Do you sleep between seven to nine hours per night? According to the experts this is the amount needed, on average, to keep our minds alert and our bodies healthy — but many people aren’t getting enough.
In the United States, for example, half the population sleeps less than seven hours during the week, according to the 2013 International Bedroom Poll. To make amends, many of us resort to catching up when circumstances allow — whether it’s sleeping in at the weekend or napping during the day.
But this catch-up can have its own impact on your body and when this catch-up becomes too much, it could even be a sign of an underlying health problem. The much-loved weekend snooze stems from the need to catch up on sleep lost during the week.
“That’s an attempt to pay-back sleep deprivation,” says Charles Czeisler, chief of the Division of Sleep and Circadian Disorders at the Brigham and Women’s Hospital, in Boston. But Czeisler is not an advocate of sleeping late at the weekend. He calls it “sleep binging,” and says it’s a break from consistency that leads to further disruption of our sleep cycles.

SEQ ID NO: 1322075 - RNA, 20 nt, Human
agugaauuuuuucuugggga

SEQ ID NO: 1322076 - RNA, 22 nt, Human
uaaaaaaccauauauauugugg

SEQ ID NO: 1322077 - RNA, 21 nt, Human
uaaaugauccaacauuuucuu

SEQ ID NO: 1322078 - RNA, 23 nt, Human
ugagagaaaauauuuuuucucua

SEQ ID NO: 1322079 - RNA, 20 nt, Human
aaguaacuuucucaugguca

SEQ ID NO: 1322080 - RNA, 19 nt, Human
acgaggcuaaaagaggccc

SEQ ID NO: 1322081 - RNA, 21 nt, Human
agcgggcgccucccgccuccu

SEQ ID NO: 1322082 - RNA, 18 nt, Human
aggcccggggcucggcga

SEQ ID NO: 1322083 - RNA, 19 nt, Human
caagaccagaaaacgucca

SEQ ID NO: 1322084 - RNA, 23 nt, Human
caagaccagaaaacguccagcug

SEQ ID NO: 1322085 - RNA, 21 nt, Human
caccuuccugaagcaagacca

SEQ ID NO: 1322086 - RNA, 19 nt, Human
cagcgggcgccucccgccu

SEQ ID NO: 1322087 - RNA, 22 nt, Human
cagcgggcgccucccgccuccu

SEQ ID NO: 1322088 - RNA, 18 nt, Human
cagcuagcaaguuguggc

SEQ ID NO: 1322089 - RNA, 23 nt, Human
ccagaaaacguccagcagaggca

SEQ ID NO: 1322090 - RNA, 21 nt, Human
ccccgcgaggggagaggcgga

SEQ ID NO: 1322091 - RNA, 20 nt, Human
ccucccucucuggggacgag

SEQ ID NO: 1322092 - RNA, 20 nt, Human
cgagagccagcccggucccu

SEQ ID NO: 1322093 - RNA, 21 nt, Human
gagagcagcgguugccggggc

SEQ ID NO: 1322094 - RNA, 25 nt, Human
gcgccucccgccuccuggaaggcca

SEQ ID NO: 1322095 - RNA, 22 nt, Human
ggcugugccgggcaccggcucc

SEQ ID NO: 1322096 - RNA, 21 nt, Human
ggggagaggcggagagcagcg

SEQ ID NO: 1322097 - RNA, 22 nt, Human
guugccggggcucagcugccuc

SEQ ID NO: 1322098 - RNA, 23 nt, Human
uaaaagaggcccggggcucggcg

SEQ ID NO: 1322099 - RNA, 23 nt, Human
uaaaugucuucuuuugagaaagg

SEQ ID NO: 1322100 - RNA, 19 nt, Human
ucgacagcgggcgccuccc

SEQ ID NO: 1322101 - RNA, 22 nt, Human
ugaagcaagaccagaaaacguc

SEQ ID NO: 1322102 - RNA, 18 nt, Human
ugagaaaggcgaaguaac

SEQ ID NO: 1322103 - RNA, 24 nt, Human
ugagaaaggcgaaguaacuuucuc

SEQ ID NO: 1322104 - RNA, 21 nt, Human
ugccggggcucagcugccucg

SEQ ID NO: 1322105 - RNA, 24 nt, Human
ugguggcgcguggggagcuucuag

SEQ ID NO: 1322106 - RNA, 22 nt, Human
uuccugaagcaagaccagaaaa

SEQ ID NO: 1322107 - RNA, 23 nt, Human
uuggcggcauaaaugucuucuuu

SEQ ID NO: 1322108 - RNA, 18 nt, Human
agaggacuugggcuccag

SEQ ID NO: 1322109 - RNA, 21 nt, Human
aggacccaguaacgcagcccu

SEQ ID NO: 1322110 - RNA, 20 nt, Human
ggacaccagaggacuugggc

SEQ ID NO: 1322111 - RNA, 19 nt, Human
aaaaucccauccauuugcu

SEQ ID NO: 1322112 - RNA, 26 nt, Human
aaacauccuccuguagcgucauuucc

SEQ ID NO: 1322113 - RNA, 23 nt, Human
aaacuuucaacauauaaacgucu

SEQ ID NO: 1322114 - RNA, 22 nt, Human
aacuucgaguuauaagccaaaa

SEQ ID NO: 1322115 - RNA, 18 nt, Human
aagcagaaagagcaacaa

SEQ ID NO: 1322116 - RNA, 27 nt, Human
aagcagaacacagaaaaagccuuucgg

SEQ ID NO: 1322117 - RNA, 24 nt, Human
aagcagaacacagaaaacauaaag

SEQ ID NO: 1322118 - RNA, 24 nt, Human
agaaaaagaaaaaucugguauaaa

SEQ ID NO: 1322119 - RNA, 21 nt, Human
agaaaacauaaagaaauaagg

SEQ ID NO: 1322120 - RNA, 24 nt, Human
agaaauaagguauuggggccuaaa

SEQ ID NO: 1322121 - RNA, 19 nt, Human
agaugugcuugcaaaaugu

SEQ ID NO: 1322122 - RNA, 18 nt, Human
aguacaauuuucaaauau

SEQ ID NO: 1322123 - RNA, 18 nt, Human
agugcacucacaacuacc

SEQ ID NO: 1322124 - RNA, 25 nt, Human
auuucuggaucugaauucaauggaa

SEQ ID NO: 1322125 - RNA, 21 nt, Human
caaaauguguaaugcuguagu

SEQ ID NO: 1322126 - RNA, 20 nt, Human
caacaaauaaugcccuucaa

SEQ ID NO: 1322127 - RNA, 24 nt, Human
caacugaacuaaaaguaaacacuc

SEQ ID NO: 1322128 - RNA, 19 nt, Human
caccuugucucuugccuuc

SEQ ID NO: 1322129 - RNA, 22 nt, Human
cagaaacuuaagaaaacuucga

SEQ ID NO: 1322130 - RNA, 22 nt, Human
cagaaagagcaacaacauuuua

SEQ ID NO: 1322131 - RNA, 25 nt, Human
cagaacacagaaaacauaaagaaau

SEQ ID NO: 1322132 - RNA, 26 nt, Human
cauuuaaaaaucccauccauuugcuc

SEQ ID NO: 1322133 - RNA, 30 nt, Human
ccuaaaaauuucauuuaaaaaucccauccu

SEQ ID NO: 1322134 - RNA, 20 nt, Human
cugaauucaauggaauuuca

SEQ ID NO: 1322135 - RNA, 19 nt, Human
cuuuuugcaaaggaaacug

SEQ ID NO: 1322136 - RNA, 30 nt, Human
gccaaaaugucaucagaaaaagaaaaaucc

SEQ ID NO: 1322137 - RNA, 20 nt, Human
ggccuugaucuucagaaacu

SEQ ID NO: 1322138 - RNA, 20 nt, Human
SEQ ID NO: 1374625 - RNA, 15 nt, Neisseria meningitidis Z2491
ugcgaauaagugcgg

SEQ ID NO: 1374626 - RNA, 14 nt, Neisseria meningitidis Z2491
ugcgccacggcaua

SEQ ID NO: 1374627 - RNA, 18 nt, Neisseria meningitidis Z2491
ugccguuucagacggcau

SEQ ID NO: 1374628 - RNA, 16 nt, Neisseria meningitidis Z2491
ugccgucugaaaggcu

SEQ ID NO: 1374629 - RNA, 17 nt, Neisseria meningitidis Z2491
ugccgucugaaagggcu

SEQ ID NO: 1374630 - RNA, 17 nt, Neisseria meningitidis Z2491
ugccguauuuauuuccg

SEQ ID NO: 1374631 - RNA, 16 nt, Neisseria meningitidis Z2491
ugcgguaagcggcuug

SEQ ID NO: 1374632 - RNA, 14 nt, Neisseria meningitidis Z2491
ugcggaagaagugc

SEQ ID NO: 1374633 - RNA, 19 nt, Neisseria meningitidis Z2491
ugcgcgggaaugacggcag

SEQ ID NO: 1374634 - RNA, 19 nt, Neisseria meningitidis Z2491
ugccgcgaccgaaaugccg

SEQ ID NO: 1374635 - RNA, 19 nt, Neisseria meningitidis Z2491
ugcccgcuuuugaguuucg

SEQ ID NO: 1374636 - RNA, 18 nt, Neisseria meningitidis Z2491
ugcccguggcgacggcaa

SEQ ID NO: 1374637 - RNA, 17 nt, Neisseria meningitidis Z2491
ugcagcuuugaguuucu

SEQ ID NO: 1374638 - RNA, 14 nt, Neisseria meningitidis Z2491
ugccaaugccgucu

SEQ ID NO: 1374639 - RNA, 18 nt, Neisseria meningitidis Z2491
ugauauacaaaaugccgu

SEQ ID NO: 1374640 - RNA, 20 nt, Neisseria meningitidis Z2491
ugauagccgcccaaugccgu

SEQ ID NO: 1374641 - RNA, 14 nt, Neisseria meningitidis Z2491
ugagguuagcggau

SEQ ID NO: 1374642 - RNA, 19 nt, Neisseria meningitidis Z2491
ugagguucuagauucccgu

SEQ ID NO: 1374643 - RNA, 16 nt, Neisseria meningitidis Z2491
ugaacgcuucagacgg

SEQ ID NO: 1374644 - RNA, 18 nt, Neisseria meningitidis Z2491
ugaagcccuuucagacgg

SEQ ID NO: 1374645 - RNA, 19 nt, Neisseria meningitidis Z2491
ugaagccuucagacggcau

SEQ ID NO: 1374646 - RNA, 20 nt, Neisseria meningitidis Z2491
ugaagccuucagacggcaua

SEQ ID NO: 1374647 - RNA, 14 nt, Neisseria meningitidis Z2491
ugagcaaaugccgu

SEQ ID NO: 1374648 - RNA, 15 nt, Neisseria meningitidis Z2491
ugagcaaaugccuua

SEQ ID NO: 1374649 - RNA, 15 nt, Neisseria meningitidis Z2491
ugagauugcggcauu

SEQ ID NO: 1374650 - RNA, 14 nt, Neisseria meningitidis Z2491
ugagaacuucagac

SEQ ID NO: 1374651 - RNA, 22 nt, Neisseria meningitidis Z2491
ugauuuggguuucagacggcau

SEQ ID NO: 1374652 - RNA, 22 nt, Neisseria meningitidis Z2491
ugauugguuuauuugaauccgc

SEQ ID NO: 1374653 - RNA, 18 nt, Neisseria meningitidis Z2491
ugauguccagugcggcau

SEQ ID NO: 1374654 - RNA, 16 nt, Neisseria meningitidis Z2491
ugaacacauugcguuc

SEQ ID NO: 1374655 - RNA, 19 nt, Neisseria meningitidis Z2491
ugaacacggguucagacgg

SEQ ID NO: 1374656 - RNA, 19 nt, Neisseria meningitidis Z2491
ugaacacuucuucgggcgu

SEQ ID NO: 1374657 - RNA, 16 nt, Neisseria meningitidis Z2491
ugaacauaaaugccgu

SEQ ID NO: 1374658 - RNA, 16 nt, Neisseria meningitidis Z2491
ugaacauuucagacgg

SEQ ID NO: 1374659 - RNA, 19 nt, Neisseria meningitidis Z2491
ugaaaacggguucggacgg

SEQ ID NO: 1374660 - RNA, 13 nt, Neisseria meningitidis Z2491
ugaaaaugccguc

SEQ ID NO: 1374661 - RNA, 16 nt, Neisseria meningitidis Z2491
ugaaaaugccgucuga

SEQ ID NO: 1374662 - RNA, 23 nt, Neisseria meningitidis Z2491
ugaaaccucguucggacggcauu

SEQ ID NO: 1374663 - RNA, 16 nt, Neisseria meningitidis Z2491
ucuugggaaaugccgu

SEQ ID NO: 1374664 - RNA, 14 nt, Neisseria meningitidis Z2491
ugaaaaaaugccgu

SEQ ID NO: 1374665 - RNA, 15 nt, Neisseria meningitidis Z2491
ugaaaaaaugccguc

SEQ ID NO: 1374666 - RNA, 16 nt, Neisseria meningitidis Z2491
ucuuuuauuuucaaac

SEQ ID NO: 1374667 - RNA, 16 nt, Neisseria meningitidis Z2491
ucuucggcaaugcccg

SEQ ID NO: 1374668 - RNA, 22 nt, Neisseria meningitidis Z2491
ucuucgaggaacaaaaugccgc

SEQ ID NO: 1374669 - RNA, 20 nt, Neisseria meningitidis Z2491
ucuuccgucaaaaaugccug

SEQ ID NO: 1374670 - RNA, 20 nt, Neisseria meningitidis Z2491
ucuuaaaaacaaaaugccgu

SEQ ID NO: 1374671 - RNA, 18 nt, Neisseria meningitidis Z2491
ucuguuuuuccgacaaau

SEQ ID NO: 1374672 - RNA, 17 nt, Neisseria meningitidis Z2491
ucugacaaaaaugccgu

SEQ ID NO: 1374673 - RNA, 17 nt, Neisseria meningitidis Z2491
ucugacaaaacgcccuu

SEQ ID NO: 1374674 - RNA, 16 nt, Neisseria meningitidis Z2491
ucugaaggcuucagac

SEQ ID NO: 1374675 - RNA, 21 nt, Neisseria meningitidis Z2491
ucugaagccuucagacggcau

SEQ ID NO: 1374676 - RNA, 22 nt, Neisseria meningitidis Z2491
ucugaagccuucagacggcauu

Sleep takes place in cycles of Rapid Eye Movement (REM) sleep and slow-wave sleep (Non-REM sleep) that alternate in approximately 90-minute cycles. The extra hours of sleep, but more importantly the later time of awakening, at the weekend, lead to confusion and displacement in the body when people return to their weekday routine — something Czeisler defines as “social jet lag.”
“If you’re getting up at 6 am and then noon, that’s the equivalent of Boston to Paris [in time zones],” he says.
Making a habit of this is not a healthy lifestyle to lead, according to Czeisler. “It’s a form of sleep bulimia with this chronic binging,” he says. Such cycles disrupt sleep integrity, meaning people miss vital moments in their sleep cycle, such as REM cycles.
Even worse, in Czeisler’s view, is the “crash and burn” cycle many live by where they skimp on sleep and drive themselves to the point of exhaustion, and then crash.
“[This] has adverse health consequences … it’s better to have consistency of sleep,” he says.